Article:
Utilitarian math can be very subjective, however, and Schur visits the famous trolley problem to show many instances where it falls short.

The categorical imperative is an unyielding principle that says we should act as if everybody else will act the same way. If you're okay with everybody going over the speed limit, cheating on taxes, or murdering, then it's moral for you too. Kant modifies it a bit to only treat people as and end in themselves, and never as a means to an end. We tend to excuse our own moral failings while judging those of others harshly, but some kind of universally applied code of ethics is what most religions shoot for.

This heavy moral thought is lightened up by the humor of Schur's discussions, starting with chapter titles like:
- I did something unselfish. What's in it for me?
- Should I punch my friend in the face for no reason?
- Do I have to return my shopping cart? I mean it's way over there...
- This sandwich is morally problematic, but also delicious. Can I eat it?

Three of my favorite issues brought up by Schur involve moral exhaustion, moral currency, and moral opportunity costs.

Moral exhaustion has to do with the title of this book and our desire to be perfect but our all-too-human tendency to screw up. What if you know you should do something for others, but you just don't feel in the mood? We all have a limit to our morality, and are willing to buy products that are ethically compromised. Many unselfish acts like charity are complicated by selfish motives like tax deductions and social status-seeking.

Moral currency is the mental accounting that we all do when we think we've been good and earned some points towards being bad for a little bit. If you go to church on Sunday morning, do you build up your "God bank account" to the point where you can be an asshole on Sunday afternoon? Many of the worst deeds ever done by humans came from a sense of moral license that they had somehow "earned" the right to be temporarily evil. Schur points out that this is a slippery slope and diverts us from our earnest attempts to be moral and good.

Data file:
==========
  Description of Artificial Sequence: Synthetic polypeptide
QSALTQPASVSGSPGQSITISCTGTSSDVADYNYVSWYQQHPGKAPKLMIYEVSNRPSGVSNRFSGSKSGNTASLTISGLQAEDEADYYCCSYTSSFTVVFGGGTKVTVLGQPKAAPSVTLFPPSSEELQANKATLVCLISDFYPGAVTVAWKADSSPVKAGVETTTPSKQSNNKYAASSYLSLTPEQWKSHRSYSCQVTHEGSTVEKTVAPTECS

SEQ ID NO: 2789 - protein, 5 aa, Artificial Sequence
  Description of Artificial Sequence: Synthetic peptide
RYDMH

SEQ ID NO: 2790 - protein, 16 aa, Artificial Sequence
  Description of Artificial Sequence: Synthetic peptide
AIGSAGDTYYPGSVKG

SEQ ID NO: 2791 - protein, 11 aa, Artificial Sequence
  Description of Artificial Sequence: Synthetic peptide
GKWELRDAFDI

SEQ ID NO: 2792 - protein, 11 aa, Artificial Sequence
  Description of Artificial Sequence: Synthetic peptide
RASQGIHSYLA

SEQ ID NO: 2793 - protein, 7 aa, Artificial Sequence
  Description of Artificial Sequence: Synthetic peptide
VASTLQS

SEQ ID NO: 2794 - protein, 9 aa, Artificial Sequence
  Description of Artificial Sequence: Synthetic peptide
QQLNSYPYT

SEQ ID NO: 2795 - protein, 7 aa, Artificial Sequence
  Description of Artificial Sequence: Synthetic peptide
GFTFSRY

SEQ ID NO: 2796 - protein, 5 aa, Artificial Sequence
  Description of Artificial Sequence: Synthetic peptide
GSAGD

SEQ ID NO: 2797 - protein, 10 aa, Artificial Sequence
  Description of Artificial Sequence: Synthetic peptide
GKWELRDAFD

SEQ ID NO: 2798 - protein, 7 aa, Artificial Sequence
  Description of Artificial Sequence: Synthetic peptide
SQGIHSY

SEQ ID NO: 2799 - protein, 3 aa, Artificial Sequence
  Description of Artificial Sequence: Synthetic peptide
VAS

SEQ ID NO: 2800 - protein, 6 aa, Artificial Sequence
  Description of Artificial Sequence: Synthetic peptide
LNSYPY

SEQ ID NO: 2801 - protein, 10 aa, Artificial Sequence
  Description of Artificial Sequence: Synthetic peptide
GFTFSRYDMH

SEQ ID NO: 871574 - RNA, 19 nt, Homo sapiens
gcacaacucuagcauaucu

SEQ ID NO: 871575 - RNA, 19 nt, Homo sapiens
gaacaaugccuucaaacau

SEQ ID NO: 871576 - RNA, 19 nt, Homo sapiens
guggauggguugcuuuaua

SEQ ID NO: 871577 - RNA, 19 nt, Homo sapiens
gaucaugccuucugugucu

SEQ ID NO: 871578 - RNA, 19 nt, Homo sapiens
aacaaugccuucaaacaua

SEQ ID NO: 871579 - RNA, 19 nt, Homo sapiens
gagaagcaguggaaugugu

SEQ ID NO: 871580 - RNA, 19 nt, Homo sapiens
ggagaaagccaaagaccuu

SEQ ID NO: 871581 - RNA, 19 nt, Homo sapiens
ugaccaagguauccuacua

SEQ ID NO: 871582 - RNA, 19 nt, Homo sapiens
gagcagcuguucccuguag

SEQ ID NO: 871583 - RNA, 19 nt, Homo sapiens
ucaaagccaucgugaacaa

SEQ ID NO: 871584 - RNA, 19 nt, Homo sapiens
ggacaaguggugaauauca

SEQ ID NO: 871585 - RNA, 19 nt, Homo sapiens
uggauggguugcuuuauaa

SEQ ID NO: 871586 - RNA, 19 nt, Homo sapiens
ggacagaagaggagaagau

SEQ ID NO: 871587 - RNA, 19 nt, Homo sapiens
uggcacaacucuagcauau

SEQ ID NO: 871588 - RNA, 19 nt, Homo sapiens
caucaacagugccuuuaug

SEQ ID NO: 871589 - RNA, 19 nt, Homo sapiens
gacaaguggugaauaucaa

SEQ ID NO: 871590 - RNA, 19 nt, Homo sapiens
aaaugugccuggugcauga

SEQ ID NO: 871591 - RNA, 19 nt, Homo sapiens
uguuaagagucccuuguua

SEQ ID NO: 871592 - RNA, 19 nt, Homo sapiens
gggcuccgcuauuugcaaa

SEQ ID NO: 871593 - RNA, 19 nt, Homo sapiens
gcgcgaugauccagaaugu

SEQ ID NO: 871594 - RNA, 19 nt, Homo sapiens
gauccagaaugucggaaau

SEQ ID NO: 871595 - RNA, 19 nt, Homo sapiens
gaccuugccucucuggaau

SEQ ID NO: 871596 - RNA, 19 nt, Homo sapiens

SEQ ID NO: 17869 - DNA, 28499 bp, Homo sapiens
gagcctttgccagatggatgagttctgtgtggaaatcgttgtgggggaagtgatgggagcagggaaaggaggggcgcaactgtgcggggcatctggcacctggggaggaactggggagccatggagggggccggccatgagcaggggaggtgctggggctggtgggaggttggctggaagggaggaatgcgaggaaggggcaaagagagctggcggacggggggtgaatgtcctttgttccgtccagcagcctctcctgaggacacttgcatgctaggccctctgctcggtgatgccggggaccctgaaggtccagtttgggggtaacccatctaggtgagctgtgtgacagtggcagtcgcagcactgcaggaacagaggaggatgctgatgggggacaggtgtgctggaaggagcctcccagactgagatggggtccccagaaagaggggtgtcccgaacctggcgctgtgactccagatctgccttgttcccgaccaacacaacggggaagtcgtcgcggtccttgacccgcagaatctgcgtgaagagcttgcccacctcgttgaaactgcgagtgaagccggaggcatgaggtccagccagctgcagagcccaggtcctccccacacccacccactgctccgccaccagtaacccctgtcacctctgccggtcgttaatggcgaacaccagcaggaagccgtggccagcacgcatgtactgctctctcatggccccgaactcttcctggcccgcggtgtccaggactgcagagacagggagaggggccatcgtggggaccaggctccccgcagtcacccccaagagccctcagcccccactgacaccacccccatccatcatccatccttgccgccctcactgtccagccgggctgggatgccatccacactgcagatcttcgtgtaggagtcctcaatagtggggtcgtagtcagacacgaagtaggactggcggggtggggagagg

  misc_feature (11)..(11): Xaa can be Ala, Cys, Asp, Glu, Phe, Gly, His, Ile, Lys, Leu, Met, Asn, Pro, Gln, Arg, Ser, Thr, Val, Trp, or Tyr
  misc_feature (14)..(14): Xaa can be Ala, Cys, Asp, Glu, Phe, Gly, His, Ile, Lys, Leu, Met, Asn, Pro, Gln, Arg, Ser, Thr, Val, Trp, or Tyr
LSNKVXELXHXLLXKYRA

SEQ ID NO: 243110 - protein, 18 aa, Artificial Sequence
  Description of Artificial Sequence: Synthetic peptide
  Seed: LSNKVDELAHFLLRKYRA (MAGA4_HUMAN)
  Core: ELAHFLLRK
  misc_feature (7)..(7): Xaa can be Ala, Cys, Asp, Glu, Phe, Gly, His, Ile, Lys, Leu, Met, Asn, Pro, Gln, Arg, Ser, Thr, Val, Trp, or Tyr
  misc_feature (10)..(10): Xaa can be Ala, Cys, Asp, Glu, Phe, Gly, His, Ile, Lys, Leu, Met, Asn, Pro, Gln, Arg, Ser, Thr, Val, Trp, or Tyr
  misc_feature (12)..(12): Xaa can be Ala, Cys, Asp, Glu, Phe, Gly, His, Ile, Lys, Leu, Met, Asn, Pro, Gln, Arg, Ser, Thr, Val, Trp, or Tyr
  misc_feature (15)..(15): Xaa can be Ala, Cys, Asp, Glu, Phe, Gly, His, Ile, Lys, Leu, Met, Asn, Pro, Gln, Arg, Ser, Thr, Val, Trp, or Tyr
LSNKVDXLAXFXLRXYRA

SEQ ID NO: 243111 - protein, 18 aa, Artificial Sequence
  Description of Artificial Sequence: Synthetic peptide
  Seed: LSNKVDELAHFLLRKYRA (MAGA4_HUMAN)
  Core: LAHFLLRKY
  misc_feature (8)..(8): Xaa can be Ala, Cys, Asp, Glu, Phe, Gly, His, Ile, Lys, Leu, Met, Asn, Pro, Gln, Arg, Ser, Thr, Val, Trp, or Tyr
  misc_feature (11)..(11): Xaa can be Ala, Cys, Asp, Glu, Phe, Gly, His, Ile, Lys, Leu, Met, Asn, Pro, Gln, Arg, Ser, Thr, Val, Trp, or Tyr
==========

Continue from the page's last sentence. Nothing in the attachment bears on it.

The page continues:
Moral opportunity cost come from all the things we don't do by living our lives as we want. Schur points to an extravagant purchase of a $800 autographed baseball bat that he spend money on. How do we justify buying collectibles, yachts, designer clothing, and other extravagances when people are starving or homeless in the world? We waste a lot of money on things that don't make us safer (military and guns), healthier (plastic surgery), or happier (stuff), and the question needs to be asked what the missed opportunity was here. On the other hand, we need things like comedy, art, and music that are unpractical and frivolous to survive as well.

Schur gets personal with the story of how he got to the top of the entertainment industry with The Good Place. He recounts many lucky breaks that led to positions with successful tv shows like The Office, Saturday Night Live, and Parks and Recreation that propelled his career upward. He claims that much of success is just dumb luck, and the biggest factors are often our of our own control. He admits that as a straight white male his life is on the lowest difficulty setting there is, and his Jenga tower of luck could have crashed had the unfortunate things that happen to many others also happened to him.